Issues of race dominated the second of six public forums exploring what a countywide study on public school boundaries should strive to achieve.
The Thursday night meeting at Quince Orchard High School in North Potomac, attended by about 50 people, included questions of what would happen if students from schools with poor academic performance were moved into schools with higher achievement.
“They won’t be able to keep up and they won’t study,” one parent said.
Other parents said white families are being punished for “working hard and doing well and choosing to live in a certain community.”
When approached by a reporter, they declined to provide their names for fear of retaliation. One school staff member left the forum after it started to allow participants to speak freely.
A school system spokesman on Friday morning said students could perform well in different settings.
“Clearly, we think our students can succeed anywhere,” Derek Turner, the spokesman, said. “Our kids are smart and can thrive with the proper support and education from their teachers in their schools. That is not a concern for us.”
Boundary studies, known for generating heated debate, look at areas to shift students from one neighborhood district to another, often to relieve classroom crowding.
An independent consultant will be hired by the school board this summer for a yearlong examination of all school district boundaries, looking for areas of improvement.
“If Montgomery County was paying my taxes, then they could do that. But they’re not, so I have a right to go to my local school,” one parent said. “I made a decision to live where I live and pay the price I pay based on that school. They want to change everything and you can’t pull the rug out from under our feet. That’s wrong. Actually, it’s criminal and they will all be voted out.”
This is the school system’s first comprehensive look at school boundaries in at least 20 years, and the proposal was introduced by student board member Ananya Tadikonda, who cited consistent crowding issues and schools “heavily segregated by socioeconomic class.”
Students have lobbied for the study to focus on diversifying schools, saying schools are “now more segregated than ever.”
No school board members were present at Thursday’s meeting, but the moderator, who had no ties to the school system and was used to provide an “objective” viewpoint, will return the ideas generated by the group to the school system for consideration.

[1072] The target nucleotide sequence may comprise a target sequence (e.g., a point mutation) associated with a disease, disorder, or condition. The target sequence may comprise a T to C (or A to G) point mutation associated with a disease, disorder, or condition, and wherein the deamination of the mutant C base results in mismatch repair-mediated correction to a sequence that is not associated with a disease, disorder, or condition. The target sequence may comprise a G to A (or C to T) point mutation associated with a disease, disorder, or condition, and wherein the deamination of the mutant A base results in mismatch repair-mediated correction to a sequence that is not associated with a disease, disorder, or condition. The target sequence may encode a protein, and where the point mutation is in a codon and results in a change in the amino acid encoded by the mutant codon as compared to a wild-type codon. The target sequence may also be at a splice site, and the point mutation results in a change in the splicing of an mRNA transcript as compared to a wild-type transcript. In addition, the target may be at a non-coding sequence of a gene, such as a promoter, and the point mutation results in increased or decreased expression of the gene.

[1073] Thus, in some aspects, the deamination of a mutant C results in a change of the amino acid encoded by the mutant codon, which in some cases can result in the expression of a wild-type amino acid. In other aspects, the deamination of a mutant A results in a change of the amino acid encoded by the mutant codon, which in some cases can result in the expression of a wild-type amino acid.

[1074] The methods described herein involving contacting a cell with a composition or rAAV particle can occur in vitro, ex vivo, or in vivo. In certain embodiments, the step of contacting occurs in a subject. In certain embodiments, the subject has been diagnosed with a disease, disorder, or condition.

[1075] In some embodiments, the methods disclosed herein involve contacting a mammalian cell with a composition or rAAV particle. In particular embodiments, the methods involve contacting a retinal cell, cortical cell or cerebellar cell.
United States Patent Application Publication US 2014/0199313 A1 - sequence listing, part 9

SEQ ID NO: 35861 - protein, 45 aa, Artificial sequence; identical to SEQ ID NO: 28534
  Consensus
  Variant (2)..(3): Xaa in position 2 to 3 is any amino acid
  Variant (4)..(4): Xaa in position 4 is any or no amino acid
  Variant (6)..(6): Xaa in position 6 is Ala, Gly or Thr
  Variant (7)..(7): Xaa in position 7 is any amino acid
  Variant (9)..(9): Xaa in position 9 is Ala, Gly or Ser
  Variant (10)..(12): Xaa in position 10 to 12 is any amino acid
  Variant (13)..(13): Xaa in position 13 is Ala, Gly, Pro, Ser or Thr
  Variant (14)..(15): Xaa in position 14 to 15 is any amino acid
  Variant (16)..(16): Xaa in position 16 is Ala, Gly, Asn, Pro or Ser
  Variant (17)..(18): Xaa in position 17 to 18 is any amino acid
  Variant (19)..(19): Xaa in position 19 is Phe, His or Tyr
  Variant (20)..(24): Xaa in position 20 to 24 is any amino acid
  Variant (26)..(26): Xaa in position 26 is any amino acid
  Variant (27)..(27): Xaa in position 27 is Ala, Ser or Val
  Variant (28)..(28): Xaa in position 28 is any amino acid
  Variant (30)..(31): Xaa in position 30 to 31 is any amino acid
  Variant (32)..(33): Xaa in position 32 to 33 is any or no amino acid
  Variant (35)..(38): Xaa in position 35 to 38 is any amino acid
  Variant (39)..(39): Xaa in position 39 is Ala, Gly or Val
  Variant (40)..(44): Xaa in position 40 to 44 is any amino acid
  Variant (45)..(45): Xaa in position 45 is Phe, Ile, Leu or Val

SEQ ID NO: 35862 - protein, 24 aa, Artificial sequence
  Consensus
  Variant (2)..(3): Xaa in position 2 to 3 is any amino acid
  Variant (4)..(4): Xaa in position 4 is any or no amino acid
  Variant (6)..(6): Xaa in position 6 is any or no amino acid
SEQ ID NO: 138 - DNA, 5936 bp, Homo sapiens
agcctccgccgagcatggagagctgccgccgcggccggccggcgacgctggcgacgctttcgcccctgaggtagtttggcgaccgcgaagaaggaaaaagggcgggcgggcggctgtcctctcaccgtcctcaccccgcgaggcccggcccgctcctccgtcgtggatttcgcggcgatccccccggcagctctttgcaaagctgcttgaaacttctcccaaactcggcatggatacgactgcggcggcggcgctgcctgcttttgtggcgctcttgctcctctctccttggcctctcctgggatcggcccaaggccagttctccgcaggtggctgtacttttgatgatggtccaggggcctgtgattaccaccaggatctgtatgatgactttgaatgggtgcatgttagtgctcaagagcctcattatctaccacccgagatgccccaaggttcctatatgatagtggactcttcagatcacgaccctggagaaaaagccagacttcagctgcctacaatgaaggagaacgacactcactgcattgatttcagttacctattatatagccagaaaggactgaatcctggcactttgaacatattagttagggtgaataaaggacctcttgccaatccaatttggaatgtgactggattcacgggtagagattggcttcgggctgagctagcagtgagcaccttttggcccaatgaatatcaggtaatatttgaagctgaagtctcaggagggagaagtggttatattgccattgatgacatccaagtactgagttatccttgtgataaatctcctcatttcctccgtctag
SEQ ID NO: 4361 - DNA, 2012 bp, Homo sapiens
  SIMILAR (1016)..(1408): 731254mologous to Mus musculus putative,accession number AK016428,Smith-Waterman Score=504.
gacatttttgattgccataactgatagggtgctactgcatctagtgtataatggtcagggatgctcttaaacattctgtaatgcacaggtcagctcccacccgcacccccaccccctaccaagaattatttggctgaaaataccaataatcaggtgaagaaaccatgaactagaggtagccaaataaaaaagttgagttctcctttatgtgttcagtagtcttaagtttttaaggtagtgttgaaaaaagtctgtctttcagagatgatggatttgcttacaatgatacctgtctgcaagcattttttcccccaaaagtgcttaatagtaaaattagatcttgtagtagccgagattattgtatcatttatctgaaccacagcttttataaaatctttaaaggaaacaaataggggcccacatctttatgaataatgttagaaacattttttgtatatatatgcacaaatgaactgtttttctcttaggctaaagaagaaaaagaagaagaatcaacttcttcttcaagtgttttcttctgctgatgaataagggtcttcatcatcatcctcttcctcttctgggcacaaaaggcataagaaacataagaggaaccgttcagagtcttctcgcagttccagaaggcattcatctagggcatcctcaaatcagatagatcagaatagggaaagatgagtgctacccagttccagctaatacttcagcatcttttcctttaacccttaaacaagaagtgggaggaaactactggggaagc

Parents met in small groups to discuss the issue and also circulated a sheet gathering tally marks for people who support no boundary changes or “minimal changes.” A separate petition was circulated to “maintain the strength and cohesiveness” of current school communities.
“We are satisfied with what we have, we don’t want change,” a parent said. “It’s not our fault those children don’t have opportunities. You can’t put that burden on us.”
An Asian parent said if racial equity is a consideration for where students attend classes, it also should be a factor in who makes sports teams or other extracurricular programs.
“Why can’t they have a different standard for Asian kids making it onto the basketball team,” she asked. “We’re not making the basketball team because we can’t reach the rebound, so we better let the ball bounce one time first. No, they don’t change that standard.”
Some parents presented alternate viewpoints that moving students from high-performing schools to lower-performing schools would also be detrimental, especially if students had to travel long distances to their new schools.
Additional community meetings will be held April 10 at John F. Kennedy High School in Glenmont, April 11 at Earle B. Wood Middle School in Rockville, April 23 at Walter Johnson High School in Bethesda and at a date to be determined in November.
“We have a very engaged, informed and passionate community, and what we expect from our community is civility and respect, regardless of the point of view,” Turner said.
Caitlynn Peetz can be reached at email@example.com